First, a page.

- The federal emergency refunds to depositors at Silicon Valley Bank and Signature Bank could be deployed again if necessary, Treasury Secretary Janet Yellen told a House panel.
- "The strong actions we have taken ensure that Americans' deposits are safe. Certainly, we would be prepared to take additional actions if warranted," said Yellen.
- The statement conveyed a different message than Yellen's remarks a day earlier, when she told senators that Treasury was not considering any plans to insure all U.S. bank deposits without congressional approval.
WASHINGTON — Treasury Secretary Janet Yellen said Thursday that the federal emergency actions to back up Silicon Valley Bank and Signature Bank customers could be deployed again in the future if necessary.
"We have used important tools to act quickly to prevent contagion. And they are tools we could use again," Yellen said in written testimony before a House Appropriations subcommittee.
"The strong actions we have taken ensure that Americans' deposits are safe. Certainly, we would be prepared to take additional actions if warranted," she added.
Yellen's testimony came amid growing market concerns over small and mid-sized regional banks that have experienced a rush of withdrawals in the wake of the SVB collapse, and specifically whether the federal government is prepared to backstop these banks in the event of a run.
In Washington, Yellen has drawn criticism from lawmakers who argue that the decision to insure deposits at SVB and Signature amounted to a reward for big banks that took excessive risks.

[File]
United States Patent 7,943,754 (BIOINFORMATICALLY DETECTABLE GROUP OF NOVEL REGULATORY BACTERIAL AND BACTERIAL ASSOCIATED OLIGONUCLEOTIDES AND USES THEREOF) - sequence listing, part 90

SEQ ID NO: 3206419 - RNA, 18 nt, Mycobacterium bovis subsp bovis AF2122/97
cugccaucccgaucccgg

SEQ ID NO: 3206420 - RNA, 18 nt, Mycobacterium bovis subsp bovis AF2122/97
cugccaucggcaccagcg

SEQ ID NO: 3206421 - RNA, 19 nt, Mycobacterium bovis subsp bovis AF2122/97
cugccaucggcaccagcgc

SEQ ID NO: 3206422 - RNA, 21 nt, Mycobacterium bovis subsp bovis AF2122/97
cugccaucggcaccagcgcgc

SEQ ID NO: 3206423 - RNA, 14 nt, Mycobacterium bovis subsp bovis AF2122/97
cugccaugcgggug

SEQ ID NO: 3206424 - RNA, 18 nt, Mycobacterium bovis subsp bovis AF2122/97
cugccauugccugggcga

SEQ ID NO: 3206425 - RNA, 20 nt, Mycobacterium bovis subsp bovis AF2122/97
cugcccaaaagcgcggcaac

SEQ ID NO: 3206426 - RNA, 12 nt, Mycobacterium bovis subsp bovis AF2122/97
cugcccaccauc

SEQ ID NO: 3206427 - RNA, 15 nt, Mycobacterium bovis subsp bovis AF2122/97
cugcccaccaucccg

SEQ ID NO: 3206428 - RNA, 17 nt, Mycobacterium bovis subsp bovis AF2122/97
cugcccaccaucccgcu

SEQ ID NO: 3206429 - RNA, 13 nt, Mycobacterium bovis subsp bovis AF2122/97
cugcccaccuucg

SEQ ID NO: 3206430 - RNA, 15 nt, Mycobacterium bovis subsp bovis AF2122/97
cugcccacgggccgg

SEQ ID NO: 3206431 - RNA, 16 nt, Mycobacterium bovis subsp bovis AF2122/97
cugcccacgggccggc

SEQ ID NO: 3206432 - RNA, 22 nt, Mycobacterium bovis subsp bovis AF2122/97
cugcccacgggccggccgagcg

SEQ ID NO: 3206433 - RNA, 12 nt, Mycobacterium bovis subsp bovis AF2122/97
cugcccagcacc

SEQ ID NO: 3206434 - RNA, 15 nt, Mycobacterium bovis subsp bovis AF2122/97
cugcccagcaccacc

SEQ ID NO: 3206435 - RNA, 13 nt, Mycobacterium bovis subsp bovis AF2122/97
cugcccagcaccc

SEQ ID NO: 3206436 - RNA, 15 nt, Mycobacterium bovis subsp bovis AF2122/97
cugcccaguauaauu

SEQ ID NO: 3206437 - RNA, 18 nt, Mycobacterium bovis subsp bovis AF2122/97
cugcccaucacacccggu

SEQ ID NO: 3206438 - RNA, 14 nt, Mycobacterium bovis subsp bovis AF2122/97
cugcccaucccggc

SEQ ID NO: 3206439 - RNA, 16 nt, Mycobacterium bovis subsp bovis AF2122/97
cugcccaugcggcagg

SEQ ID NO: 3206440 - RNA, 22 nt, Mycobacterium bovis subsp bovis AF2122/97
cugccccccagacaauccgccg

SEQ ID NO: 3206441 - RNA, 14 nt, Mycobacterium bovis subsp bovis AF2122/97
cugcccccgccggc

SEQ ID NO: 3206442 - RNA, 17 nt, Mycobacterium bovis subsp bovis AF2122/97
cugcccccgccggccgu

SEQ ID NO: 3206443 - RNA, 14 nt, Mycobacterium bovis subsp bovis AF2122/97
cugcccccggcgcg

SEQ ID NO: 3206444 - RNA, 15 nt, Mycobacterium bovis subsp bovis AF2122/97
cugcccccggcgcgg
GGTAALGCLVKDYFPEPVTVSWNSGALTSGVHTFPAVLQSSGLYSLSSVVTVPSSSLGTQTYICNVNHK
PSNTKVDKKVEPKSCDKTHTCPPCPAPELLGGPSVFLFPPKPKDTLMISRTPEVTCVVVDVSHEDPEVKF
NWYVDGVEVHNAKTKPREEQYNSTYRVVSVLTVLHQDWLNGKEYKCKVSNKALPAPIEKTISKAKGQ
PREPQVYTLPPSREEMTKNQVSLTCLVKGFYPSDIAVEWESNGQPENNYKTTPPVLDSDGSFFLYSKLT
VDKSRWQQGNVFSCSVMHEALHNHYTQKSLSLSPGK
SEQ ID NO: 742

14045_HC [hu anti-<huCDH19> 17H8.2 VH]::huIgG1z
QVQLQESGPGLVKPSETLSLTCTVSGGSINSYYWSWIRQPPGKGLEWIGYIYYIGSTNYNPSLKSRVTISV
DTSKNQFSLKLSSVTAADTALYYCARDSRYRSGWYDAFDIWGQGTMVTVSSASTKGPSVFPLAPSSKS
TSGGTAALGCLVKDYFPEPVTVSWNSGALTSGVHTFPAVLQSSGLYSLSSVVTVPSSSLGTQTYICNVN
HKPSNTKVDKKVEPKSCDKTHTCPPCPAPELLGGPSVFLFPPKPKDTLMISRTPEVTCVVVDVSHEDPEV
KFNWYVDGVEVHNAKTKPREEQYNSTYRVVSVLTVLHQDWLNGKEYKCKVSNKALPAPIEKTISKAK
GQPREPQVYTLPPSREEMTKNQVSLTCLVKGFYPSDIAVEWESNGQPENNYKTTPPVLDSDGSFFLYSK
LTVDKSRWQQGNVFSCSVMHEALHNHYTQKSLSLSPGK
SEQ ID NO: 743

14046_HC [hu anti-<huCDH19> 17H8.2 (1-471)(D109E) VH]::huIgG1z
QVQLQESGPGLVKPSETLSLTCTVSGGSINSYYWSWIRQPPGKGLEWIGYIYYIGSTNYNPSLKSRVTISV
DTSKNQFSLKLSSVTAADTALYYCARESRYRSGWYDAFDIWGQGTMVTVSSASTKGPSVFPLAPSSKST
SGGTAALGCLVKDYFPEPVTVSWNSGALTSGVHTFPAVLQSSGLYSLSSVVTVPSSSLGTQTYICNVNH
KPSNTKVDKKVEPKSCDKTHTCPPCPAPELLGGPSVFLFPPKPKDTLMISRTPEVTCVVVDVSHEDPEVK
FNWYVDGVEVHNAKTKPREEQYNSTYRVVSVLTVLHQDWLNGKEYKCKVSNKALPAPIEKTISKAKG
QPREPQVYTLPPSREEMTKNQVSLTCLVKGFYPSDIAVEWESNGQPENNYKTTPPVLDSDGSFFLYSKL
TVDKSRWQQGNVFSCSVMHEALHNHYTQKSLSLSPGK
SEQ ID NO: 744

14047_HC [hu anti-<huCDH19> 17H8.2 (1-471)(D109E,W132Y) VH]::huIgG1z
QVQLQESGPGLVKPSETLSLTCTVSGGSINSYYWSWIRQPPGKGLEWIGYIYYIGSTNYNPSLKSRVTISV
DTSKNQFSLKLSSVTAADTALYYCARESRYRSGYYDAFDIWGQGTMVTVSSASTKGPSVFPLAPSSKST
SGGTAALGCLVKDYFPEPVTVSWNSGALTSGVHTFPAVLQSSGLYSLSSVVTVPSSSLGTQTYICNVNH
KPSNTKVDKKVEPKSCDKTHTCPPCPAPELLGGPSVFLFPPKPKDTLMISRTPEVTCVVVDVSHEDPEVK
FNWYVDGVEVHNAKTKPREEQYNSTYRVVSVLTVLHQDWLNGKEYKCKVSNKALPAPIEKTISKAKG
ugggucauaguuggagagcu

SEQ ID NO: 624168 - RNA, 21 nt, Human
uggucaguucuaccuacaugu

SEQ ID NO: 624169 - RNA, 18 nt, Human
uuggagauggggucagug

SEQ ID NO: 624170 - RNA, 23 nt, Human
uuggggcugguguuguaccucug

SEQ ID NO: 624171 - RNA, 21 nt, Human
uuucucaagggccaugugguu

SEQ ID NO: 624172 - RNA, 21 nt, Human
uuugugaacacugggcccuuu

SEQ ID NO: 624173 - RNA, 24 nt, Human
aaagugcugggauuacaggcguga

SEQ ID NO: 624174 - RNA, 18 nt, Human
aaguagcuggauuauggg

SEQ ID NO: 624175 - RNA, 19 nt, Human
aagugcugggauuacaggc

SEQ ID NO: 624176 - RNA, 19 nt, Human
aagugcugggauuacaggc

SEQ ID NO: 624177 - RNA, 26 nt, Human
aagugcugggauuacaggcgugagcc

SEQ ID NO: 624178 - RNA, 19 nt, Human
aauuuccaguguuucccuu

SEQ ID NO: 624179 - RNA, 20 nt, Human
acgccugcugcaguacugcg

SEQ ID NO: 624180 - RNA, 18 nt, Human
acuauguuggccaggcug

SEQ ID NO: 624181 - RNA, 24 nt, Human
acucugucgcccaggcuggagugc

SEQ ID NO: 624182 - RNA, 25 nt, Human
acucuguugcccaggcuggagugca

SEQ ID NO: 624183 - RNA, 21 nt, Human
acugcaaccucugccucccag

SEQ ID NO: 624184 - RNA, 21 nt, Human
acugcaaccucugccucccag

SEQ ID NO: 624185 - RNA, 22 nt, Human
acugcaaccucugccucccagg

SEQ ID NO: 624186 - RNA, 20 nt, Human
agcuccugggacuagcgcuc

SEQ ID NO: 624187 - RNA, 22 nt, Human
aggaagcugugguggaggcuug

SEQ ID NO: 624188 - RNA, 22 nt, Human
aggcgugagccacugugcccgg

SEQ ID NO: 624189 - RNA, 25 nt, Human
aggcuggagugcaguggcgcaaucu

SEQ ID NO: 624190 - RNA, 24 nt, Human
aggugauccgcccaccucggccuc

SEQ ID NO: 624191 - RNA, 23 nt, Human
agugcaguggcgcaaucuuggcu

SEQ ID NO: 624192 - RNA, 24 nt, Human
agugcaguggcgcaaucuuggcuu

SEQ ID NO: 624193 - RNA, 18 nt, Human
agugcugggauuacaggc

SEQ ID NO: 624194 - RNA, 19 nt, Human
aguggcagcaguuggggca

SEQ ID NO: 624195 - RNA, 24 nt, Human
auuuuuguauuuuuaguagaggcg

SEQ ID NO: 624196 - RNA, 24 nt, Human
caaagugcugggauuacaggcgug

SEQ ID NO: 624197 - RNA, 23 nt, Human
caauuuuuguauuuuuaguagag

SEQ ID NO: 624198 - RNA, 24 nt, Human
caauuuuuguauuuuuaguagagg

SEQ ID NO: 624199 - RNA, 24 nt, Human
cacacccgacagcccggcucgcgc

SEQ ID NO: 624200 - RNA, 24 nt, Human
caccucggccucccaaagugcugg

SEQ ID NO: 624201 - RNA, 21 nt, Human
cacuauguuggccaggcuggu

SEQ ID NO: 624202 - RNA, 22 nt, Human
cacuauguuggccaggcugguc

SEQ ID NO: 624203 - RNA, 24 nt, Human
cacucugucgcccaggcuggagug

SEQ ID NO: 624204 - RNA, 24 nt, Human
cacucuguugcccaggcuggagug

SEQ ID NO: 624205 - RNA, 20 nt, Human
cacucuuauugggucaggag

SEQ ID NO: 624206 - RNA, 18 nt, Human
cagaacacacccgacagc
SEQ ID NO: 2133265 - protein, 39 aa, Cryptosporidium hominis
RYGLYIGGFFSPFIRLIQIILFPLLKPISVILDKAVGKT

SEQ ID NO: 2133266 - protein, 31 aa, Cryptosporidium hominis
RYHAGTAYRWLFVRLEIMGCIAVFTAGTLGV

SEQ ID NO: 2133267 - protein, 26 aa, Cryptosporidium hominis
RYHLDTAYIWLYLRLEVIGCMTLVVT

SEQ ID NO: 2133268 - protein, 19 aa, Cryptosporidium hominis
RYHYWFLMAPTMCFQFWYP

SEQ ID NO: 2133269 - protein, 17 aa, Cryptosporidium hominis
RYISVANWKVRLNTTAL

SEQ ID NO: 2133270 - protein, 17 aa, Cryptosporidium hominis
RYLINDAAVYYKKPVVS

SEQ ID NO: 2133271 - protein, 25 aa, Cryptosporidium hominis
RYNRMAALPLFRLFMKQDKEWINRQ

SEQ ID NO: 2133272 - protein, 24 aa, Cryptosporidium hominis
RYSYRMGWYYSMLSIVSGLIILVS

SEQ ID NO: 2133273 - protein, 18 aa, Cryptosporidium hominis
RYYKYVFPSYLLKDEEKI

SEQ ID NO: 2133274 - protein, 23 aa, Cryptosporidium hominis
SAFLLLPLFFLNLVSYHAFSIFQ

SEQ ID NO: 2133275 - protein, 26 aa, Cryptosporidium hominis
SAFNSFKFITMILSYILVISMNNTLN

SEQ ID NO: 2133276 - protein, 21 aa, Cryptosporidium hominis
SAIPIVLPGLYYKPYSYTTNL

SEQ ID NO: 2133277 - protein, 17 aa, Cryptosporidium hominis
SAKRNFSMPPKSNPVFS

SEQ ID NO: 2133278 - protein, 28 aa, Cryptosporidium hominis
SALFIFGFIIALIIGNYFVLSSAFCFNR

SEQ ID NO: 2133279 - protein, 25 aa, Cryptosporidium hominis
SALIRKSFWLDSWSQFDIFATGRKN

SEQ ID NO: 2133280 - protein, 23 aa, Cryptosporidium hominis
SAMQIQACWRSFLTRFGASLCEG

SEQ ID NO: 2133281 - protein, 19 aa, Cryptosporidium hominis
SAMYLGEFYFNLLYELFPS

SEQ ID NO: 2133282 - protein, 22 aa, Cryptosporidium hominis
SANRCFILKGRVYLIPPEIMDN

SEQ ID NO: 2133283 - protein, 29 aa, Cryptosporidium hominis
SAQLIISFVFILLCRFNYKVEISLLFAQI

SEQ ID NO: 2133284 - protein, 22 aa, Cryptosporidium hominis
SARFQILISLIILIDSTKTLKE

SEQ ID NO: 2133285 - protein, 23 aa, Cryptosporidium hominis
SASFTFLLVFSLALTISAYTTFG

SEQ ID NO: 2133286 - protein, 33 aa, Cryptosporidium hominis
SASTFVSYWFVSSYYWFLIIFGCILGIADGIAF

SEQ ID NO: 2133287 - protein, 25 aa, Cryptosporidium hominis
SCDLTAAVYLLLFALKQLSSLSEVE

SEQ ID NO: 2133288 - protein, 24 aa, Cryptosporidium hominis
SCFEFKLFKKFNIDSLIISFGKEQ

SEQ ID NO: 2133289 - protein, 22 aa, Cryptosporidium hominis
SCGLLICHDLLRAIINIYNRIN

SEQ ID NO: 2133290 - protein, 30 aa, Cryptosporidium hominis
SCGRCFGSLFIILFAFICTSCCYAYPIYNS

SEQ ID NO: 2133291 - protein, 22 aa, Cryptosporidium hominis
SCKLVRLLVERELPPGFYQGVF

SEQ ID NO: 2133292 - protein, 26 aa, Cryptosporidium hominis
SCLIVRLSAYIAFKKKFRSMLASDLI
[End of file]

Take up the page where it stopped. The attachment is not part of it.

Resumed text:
Meanwhile, lawmakers say, smaller institutions are being forced to confront a spike in deposit outflows — triggered by public fears about the big banks — without any special help.
Regional bank stocks fell Wednesday in part because of comments Yellen made at a Senate hearing that afternoon, in which she said Treasury was not considering any plans to insure all U.S. bank deposits without congressional approval.
Thursday's remarks appeared to shift somewhat, leaving open the prospect that Treasury could still take future emergency actions in order to prevent broader contagion and preserve large-scale financial stability.
Last week, Yellen said uninsured deposits would only be covered in the event that a "failure to protect uninsured depositors would create systemic risk and significant economic and financial consequences."
Outside of its emergency systemic risk exception, the executive branch has little control over U.S. bank deposit insurance, because the limit is set by Congress.
The current FDIC insurance limit of $250,000 was set in 2010 as part of the Dodd-Frank financial reforms. Congress can also temporarily suspend the limit, like it did in 2020 as part of the government's response to Covid-19.
But so far, only a handful of Democrats have openly suggested Congress consider raising the limit across all deposits in the wake of the SVB collapse. Meanwhile, an influential bloc of House Republicans has already come out against any hike. This makes it difficult to envision how a bill to raise the limit would pass the GOP-controlled House.